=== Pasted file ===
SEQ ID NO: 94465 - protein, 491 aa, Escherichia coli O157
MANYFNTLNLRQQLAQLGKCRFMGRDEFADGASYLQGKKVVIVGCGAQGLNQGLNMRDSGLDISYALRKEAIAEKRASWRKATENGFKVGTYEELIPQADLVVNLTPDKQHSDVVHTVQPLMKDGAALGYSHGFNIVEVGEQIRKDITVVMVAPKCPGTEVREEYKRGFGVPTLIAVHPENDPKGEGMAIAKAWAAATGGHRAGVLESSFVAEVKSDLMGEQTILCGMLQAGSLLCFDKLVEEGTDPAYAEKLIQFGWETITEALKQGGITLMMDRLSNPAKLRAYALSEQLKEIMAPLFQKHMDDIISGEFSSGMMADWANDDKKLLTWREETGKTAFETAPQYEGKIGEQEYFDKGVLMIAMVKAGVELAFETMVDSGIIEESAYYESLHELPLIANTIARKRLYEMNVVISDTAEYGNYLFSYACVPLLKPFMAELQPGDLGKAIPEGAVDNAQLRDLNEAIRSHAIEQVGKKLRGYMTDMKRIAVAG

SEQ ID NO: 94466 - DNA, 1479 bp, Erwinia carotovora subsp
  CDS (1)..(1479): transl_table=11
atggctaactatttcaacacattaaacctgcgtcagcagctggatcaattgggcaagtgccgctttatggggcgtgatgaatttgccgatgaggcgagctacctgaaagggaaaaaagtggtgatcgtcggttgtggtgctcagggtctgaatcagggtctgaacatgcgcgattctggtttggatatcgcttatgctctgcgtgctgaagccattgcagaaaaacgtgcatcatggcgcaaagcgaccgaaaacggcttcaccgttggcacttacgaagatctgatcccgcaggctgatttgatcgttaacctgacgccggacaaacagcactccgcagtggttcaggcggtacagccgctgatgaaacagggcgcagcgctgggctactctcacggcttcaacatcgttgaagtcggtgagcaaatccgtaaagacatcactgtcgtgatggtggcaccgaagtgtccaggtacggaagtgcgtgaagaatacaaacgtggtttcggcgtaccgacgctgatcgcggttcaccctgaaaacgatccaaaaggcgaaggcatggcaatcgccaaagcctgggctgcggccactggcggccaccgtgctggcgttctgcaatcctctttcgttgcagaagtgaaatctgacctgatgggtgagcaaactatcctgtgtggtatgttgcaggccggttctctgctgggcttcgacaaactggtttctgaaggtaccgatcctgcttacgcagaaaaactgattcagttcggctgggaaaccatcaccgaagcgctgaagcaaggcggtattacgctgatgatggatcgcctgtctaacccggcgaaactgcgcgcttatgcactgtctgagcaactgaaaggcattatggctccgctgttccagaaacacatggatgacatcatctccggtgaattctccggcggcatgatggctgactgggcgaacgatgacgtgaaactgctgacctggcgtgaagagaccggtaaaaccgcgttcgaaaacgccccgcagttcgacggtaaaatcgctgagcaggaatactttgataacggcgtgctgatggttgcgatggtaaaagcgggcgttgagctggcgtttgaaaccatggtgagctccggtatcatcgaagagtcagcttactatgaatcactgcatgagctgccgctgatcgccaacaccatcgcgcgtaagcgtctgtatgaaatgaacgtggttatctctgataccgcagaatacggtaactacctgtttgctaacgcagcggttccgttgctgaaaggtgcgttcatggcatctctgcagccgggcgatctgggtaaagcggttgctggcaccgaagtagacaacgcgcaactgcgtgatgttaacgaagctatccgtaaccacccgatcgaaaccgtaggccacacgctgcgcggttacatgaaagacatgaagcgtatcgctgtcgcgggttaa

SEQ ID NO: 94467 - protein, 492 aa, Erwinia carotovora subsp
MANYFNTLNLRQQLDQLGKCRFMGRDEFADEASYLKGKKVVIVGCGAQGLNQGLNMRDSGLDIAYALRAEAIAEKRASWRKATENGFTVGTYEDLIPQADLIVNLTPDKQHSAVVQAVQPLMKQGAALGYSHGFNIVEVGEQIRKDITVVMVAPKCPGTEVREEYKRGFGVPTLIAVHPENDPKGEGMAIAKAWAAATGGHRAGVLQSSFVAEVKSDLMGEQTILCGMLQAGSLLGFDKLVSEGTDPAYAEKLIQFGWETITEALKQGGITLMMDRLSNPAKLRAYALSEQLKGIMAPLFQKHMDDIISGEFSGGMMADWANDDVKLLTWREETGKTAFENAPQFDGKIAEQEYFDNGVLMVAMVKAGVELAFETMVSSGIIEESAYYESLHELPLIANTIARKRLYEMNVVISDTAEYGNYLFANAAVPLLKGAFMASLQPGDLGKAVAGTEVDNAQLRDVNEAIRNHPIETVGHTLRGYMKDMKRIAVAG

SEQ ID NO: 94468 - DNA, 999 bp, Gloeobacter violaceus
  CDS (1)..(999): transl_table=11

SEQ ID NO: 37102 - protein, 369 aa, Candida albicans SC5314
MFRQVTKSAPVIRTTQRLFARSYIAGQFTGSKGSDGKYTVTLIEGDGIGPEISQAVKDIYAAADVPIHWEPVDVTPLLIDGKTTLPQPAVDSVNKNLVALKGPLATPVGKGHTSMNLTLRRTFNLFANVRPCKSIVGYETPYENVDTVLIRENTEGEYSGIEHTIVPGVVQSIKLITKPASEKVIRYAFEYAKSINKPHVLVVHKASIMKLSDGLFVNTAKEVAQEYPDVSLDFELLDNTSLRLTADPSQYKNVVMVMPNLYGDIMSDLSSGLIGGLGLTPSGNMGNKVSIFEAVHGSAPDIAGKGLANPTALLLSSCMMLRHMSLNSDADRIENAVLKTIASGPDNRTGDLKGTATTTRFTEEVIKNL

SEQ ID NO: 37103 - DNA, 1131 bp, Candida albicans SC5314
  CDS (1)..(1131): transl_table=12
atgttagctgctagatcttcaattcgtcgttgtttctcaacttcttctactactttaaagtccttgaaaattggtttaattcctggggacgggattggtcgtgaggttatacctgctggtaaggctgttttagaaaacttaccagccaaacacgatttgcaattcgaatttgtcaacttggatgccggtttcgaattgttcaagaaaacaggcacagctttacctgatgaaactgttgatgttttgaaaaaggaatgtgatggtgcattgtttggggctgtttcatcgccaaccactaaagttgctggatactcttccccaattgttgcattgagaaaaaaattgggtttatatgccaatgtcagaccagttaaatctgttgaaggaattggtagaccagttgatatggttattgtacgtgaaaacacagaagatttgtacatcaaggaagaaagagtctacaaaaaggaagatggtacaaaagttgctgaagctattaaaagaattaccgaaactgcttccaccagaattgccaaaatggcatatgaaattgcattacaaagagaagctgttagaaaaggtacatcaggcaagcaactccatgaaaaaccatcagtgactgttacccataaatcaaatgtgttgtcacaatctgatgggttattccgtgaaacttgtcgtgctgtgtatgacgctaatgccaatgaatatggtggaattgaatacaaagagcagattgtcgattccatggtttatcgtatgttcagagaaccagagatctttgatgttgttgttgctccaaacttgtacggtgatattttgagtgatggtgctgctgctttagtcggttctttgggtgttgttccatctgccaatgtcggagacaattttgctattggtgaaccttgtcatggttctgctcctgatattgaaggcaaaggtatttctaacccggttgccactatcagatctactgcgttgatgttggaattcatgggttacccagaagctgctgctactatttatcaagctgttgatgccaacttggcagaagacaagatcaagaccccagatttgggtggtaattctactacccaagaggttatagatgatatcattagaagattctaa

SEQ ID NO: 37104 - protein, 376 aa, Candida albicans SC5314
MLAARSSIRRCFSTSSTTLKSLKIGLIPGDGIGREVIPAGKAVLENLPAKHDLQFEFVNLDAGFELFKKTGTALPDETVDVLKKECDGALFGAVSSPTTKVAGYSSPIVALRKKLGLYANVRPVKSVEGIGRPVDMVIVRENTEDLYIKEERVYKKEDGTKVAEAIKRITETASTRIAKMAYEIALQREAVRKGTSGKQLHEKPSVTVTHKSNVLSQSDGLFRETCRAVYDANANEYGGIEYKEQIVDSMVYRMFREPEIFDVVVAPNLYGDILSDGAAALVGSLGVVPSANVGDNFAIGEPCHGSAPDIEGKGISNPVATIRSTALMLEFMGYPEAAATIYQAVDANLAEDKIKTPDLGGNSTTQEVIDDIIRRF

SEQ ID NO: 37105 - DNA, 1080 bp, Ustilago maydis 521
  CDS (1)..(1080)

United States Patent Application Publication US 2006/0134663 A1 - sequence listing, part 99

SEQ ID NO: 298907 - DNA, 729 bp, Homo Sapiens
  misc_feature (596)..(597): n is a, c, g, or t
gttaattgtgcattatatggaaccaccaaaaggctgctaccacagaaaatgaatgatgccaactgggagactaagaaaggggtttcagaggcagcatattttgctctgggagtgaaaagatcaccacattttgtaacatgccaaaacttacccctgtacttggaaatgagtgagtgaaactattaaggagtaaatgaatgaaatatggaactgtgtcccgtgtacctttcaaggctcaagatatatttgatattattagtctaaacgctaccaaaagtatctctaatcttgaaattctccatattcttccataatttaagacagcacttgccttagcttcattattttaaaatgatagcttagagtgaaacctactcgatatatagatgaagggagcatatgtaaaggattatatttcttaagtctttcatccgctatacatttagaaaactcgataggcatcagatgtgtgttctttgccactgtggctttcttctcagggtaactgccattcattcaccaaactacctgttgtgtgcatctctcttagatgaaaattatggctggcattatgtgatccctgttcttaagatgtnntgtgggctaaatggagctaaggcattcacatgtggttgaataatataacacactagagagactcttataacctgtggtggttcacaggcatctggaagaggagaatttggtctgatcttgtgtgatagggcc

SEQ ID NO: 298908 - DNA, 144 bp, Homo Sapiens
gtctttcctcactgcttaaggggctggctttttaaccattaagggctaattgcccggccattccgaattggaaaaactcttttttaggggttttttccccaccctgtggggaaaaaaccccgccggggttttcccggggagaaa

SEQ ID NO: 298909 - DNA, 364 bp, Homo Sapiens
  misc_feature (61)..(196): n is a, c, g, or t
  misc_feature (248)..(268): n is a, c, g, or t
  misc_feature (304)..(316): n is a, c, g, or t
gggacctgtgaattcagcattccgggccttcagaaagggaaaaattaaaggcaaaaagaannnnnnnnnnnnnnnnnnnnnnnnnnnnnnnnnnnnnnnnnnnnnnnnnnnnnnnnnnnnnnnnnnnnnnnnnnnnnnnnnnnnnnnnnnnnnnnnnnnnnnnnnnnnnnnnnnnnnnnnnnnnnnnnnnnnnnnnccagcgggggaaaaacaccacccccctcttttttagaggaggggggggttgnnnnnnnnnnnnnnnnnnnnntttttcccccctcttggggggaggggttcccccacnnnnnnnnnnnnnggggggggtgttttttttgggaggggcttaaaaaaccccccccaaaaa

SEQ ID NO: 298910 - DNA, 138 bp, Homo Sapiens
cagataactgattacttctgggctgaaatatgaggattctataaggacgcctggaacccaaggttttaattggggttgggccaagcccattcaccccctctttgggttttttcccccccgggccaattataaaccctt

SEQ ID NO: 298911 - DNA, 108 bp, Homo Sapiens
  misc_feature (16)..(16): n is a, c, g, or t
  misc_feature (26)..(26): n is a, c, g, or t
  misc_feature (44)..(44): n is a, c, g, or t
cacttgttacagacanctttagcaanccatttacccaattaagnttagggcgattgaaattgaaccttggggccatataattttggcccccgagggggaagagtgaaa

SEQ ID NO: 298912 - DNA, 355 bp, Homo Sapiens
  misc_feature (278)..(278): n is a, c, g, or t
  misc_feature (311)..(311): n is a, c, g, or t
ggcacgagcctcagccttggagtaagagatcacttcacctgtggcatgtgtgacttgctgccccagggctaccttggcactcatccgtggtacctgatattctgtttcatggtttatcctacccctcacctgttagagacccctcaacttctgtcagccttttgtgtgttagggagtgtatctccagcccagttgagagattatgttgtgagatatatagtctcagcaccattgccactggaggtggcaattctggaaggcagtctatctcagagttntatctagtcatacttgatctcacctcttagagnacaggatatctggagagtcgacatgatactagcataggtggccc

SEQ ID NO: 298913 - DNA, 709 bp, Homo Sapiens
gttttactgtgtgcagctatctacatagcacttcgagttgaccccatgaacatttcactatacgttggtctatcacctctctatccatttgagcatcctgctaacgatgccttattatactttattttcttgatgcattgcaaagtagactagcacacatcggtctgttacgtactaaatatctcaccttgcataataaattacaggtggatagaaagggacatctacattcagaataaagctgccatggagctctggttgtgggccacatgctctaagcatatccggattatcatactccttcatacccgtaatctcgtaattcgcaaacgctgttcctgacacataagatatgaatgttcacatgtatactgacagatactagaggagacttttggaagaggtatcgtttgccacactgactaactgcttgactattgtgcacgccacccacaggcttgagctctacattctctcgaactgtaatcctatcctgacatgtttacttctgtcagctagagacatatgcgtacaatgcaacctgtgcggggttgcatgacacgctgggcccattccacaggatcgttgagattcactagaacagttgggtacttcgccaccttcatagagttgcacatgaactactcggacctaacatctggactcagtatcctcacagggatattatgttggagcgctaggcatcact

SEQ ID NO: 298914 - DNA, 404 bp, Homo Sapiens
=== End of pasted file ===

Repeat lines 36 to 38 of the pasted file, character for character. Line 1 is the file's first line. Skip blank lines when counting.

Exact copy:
cacttgttacagacanctttagcaanccatttacccaattaagnttagggcgattgaaattgaaccttggggccatataattttggcccccgagggggaagagtgaaa

SEQ ID NO: 298912 - DNA, 355 bp, Homo Sapiens
  misc_feature (278)..(278): n is a, c, g, or t